Shark/seal overpopulation strategies test fishermen, environmentalists and beachgoers

By now, most of America knows that Cape Cod, the arm-shaped peninsula extending off eastern Massachusetts into the Atlantic Ocean, has a Gray Seal problem.

Perhaps 50,000 of the slug-shaped animals, which can be over 8 feet long and weigh more than 500 pounds, summer on the Cape’s beaches in concentrations so great that they are visible from space. And because each eats up to 50 pounds of fish each day, there isn’t much left for the commercial and recreational fishermen to catch once the Gray Seals, a rare species, have had their fill.

So guess how commercial fishermen feel about Gray Seals, whose population on the Cape has exploded since passage of the Marine Mammal Protection Act in 1972, which made it illegal to kill seals. (Up until then, some towns paid bounties to seal hunters).

But the seals’ ravenous fish predation isn’t the only problem. Great White Sharks, a few up to nearly 20 feet long, feed on Gray Seals. The sharks, which number in the hundreds off the coast, patrol the shoreline to feed on seals entering or leaving the water, and throughout the summer there are daily beach closures due to shark sightings. In recent years there were several scares and non-fatal attacks on bathers. Then last September, a 26-year-old boogie boarder was bitten and killed, becoming Massachusetts’ first shark attack fatality in more than 80 years.

And now the fight is about sharks AND seals…and what to do about them. Fans of Discovery Channel’s “Shark Week” have watched the issue play out on television, and it has been covered extensively by the New England press for years. The controversy appeared on the front page of the Aug. 20 front page of The New York Times, where it is something of a local story given the number of moneyed summer guests from greater New York who visit the Cape each summer.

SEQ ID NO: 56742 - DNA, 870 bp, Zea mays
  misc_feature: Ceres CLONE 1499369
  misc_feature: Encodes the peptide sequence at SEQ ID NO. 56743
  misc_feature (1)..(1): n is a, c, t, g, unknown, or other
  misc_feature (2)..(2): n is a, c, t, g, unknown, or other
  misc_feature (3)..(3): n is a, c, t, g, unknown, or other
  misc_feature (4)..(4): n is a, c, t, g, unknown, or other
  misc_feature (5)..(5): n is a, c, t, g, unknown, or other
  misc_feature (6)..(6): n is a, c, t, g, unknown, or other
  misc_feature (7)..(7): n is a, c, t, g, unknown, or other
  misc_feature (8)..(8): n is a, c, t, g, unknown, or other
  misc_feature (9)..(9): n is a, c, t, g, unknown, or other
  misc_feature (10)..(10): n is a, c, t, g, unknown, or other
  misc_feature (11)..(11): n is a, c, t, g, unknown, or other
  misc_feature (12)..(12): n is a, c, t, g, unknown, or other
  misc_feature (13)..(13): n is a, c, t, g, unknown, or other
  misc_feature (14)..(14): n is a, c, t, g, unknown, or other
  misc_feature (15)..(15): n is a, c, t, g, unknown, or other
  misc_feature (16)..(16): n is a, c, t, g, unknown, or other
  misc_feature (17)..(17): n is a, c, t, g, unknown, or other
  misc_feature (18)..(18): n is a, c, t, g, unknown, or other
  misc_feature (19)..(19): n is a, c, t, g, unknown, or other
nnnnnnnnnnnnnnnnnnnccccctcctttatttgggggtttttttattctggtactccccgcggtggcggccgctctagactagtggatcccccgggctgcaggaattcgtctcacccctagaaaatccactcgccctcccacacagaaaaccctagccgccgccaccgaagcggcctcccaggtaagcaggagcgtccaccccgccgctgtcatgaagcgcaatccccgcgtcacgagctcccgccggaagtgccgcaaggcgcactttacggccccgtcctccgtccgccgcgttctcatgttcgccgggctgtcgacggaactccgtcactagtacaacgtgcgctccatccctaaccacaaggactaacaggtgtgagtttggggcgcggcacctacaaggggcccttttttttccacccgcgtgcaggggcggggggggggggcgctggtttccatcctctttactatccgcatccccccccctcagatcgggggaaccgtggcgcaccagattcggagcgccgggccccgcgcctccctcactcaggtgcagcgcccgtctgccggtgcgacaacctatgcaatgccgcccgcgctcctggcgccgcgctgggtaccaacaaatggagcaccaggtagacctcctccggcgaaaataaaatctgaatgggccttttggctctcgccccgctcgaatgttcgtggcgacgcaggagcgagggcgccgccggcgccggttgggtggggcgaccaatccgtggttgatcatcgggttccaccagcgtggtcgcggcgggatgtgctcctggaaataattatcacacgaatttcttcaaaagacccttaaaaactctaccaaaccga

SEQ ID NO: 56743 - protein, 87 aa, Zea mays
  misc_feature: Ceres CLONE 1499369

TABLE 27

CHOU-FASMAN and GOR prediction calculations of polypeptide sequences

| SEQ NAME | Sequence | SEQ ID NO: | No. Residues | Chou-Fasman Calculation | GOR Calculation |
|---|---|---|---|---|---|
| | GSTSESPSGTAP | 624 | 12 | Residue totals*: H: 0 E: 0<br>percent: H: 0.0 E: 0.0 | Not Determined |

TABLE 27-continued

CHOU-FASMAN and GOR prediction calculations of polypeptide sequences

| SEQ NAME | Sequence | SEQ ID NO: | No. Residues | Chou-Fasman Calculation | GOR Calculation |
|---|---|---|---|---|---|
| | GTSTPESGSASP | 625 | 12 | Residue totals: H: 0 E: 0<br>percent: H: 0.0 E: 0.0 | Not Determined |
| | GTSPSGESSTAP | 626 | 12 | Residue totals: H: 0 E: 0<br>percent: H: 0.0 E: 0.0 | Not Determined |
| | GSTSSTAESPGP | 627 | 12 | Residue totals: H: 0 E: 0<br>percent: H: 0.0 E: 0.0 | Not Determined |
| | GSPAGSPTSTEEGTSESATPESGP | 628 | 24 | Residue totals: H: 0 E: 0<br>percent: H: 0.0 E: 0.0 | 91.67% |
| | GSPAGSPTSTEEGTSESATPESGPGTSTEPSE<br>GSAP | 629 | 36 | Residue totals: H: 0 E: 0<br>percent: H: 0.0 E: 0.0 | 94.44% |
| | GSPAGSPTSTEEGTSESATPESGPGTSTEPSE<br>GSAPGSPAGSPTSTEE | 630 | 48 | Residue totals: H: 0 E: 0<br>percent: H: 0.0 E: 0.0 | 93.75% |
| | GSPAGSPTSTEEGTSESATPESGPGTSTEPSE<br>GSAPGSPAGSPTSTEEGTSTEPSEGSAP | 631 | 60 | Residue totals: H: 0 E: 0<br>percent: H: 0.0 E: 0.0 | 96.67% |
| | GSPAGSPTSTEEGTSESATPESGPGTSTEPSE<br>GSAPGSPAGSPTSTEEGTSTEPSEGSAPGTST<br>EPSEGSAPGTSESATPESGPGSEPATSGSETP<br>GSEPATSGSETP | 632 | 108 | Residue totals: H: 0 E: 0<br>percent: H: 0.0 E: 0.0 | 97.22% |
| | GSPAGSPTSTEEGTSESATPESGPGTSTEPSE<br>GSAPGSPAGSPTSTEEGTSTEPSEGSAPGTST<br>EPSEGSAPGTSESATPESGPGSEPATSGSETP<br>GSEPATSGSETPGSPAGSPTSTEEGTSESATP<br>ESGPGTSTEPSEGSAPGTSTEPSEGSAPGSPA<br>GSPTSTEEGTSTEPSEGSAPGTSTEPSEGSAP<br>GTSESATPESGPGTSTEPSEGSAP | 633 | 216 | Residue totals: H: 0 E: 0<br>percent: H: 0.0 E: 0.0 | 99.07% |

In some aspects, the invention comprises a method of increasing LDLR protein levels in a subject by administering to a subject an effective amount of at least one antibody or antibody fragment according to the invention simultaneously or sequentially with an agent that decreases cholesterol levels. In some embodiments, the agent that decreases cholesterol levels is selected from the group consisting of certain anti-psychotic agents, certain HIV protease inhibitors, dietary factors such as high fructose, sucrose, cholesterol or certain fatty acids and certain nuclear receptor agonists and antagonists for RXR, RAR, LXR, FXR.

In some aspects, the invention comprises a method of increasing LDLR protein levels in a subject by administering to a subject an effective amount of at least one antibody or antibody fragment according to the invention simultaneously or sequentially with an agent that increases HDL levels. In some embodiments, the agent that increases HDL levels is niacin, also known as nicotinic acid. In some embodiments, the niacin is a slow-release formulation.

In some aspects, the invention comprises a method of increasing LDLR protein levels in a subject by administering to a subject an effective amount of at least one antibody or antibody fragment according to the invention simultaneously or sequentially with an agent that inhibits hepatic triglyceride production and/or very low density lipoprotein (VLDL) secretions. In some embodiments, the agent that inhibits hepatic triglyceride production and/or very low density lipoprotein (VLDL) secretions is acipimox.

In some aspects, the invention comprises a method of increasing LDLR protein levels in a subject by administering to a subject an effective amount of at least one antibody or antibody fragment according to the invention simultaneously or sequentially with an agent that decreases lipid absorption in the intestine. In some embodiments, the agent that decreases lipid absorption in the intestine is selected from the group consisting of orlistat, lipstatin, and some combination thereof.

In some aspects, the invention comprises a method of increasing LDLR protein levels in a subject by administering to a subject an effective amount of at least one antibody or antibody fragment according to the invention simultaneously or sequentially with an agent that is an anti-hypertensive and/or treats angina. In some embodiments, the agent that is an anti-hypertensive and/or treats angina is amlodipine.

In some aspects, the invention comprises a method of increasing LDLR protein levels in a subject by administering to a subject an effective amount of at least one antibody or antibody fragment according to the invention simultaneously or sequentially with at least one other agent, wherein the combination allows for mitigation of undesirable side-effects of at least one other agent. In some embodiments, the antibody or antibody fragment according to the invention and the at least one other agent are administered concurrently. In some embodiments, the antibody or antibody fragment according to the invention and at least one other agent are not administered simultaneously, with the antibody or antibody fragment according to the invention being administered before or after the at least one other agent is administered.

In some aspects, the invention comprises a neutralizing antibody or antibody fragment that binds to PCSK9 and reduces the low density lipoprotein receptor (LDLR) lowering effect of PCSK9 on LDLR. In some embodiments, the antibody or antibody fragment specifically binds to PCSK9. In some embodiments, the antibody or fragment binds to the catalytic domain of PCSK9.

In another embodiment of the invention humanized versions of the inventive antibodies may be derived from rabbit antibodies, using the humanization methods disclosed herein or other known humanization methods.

Chamber of Commerce types worry that the shark threat — signs warning of the presence of Great White Sharks greet beach goers at beach entrances — will scare off some of the more than 5 million visitors to Cape Cod, whose tourism industry adds about $4 billion annually to the Massachusetts economy. (Think of the character of Larry Vaughn, the mayor of Amity in Steven Spielberg’s 1975 thriller “Jaws,” and you’ll get the picture.)

Scientists and environmentalists worry a shark panic will lead to the killing of large numbers of seals and sharks.

Surfers, bathers and boogie boarders worry they won’t be able to get back in the water, and elected officials are looking for responsible ways to caution beachgoers without terrifying them while seeking answers from scientists about how to minimize the threat.

Now there’s a public relations challenge!

It’s unclear whose point of view will prevail, and much of that will depend on how the competing messages are conveyed and received by policy makers charged with trying to do the right thing.


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